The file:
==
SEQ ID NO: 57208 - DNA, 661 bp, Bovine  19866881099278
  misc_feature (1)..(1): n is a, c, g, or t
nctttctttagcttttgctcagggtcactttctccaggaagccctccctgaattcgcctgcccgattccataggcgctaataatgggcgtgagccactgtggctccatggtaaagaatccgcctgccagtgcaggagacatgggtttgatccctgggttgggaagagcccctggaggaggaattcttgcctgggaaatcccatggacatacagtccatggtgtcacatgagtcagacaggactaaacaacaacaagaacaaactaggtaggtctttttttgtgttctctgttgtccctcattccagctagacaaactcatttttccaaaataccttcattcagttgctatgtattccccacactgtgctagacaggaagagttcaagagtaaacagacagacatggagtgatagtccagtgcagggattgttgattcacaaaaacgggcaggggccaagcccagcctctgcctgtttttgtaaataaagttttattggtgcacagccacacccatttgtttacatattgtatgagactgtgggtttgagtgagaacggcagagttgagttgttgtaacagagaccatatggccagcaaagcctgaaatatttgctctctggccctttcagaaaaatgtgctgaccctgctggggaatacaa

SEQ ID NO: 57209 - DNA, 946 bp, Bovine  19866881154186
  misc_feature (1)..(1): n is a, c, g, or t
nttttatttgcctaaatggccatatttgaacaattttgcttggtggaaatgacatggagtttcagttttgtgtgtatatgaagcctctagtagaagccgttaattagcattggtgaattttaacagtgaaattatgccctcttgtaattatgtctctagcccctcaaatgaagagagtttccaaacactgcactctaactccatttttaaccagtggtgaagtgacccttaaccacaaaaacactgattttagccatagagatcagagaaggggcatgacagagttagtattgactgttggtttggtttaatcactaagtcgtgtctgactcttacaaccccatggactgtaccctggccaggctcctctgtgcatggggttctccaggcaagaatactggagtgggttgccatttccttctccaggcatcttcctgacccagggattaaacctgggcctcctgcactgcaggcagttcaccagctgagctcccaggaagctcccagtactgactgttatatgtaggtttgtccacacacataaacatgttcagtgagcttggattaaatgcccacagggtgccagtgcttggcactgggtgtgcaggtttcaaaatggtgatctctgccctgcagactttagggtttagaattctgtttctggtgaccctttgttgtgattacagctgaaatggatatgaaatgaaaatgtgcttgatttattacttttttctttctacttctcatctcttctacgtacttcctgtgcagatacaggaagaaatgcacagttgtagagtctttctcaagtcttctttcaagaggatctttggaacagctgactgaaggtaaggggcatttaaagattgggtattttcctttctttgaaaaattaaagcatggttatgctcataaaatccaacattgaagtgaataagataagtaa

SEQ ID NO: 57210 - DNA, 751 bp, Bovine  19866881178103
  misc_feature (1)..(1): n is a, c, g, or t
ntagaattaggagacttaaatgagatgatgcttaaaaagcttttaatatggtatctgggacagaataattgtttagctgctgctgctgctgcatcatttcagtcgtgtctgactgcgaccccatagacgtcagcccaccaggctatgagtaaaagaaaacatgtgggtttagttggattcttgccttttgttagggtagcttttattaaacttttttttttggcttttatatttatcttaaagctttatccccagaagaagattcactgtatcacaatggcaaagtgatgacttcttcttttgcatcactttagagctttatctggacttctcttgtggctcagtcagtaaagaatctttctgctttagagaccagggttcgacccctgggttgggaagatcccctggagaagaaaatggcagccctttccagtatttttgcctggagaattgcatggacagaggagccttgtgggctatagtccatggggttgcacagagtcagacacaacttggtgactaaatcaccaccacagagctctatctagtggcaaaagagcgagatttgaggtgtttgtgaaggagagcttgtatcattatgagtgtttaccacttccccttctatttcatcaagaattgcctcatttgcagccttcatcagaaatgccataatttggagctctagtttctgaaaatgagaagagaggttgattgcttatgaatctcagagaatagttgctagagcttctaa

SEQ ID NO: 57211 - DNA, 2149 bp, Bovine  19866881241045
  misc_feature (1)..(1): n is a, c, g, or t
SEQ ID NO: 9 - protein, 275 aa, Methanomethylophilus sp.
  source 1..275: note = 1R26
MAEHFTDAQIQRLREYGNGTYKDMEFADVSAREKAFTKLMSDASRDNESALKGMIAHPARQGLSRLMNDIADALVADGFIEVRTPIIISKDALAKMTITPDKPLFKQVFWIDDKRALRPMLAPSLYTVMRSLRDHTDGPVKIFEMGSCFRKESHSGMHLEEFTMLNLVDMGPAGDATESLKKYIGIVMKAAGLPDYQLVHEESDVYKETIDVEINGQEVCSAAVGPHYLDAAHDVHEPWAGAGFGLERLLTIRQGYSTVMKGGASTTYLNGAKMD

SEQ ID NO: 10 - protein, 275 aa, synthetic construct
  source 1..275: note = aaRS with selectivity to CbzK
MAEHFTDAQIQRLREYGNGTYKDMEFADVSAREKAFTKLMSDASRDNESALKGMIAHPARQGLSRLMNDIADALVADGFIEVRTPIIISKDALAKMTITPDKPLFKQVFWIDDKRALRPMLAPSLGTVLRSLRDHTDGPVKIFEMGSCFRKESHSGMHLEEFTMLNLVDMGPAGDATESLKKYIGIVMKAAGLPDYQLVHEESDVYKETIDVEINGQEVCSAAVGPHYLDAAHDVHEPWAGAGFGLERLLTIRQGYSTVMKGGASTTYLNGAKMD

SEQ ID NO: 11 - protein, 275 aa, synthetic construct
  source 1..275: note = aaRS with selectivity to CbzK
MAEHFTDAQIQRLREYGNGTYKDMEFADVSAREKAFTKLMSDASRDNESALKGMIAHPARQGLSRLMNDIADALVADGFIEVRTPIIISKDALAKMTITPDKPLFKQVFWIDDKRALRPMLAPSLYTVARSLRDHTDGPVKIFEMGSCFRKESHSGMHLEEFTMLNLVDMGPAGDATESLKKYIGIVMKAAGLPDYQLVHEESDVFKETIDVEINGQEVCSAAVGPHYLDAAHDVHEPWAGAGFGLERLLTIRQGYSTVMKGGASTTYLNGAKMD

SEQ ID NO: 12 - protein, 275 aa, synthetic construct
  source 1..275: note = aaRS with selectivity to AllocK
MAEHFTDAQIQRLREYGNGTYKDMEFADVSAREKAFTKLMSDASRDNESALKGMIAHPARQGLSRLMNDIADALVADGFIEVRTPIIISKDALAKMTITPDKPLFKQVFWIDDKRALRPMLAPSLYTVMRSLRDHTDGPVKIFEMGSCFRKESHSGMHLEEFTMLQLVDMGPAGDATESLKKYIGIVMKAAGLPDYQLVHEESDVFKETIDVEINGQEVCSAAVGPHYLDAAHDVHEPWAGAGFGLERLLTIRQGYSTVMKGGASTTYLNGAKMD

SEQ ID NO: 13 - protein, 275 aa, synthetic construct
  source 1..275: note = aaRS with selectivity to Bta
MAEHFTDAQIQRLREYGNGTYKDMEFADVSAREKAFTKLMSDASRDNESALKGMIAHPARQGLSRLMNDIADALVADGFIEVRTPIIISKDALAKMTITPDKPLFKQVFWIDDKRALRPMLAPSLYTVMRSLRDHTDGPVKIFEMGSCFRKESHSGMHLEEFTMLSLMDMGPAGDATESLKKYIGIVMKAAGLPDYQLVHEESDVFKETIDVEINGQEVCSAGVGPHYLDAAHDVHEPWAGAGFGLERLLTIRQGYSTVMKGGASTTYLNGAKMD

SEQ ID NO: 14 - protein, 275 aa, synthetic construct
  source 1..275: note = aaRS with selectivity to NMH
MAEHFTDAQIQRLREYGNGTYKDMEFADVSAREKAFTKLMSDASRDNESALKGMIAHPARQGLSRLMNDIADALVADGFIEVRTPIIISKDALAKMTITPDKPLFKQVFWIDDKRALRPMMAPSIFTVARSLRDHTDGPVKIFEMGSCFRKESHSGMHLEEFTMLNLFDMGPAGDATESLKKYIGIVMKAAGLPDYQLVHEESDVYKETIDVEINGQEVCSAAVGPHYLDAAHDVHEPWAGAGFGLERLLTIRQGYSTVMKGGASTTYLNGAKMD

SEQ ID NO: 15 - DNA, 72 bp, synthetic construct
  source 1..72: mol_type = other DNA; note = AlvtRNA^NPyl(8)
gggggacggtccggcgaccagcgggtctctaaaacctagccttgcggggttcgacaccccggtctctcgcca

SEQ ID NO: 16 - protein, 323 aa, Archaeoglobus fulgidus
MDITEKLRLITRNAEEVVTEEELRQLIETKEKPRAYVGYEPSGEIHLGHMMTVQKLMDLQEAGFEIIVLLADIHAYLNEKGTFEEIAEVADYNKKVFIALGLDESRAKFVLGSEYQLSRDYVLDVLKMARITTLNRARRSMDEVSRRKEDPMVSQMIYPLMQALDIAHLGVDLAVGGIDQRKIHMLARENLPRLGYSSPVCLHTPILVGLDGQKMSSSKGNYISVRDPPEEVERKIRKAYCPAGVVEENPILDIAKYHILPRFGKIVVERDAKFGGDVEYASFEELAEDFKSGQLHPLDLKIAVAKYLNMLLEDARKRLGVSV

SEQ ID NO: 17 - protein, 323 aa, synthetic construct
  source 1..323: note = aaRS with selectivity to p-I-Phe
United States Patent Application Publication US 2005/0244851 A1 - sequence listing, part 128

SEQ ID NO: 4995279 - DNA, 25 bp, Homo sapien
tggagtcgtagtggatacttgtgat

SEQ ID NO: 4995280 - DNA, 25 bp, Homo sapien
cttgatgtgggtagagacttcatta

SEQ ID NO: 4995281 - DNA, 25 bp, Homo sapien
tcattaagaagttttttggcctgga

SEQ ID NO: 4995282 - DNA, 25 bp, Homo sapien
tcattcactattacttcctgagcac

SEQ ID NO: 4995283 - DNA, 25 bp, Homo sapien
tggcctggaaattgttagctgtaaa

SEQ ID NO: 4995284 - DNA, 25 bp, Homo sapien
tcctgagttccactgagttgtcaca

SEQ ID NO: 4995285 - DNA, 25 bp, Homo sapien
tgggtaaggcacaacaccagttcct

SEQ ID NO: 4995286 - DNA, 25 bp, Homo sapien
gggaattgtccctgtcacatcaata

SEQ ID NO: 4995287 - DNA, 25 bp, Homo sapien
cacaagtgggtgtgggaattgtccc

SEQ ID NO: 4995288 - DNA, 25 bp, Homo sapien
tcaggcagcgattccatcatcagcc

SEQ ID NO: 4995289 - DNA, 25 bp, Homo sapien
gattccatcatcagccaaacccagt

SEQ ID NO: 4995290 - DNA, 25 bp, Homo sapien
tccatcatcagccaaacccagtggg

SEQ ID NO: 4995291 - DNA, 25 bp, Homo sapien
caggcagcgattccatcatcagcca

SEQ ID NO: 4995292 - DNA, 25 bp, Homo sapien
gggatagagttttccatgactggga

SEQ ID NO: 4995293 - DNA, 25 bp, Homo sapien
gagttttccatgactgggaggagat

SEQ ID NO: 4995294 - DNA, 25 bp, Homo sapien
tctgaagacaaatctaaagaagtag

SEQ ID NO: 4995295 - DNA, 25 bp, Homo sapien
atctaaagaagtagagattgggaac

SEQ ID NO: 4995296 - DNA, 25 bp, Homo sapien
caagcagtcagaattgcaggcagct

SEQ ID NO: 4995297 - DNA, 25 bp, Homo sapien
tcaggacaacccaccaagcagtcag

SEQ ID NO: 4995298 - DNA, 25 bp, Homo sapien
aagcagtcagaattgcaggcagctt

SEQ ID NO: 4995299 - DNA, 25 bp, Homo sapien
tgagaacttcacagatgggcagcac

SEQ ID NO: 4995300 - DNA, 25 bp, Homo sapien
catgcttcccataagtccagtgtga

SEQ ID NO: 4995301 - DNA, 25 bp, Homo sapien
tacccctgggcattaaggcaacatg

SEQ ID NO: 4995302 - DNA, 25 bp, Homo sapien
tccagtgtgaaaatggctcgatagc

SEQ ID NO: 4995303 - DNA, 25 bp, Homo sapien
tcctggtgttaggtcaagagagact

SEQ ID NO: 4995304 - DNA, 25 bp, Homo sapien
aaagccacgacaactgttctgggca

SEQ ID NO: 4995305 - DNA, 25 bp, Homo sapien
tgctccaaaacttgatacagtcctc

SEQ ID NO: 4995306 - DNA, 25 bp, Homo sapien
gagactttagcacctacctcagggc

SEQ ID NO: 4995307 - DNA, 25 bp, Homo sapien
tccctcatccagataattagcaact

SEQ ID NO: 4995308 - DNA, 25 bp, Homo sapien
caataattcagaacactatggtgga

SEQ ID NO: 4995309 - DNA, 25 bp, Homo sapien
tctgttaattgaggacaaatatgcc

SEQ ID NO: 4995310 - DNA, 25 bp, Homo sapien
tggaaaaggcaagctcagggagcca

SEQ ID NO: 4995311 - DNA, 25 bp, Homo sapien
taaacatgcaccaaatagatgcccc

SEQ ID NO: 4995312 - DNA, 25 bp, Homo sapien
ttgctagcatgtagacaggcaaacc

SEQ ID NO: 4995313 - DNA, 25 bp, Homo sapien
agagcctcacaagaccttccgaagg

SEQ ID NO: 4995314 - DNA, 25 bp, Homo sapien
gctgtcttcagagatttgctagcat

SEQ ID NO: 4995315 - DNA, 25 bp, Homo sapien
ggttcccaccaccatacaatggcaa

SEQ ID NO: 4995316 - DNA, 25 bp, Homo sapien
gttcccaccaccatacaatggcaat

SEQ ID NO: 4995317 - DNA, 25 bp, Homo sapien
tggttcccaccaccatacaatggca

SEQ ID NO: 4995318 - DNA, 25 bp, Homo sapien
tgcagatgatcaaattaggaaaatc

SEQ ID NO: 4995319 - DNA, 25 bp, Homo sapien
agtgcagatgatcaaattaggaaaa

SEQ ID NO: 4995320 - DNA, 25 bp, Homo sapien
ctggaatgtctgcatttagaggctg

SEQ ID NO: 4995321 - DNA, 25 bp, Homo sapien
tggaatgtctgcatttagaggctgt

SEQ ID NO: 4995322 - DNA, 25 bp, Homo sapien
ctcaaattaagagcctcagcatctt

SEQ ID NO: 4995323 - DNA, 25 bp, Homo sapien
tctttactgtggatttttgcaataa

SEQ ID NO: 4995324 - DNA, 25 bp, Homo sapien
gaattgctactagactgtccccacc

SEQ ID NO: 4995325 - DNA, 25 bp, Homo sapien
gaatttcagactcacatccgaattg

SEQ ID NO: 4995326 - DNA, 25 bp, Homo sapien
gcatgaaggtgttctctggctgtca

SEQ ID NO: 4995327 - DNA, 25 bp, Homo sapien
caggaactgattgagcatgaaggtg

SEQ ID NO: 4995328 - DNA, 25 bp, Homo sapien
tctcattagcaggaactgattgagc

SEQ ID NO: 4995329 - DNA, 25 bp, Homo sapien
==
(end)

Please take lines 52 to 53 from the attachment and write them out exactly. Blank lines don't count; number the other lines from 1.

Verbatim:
SEQ ID NO: 4995286 - DNA, 25 bp, Homo sapien
gggaattgtccctgtcacatcaata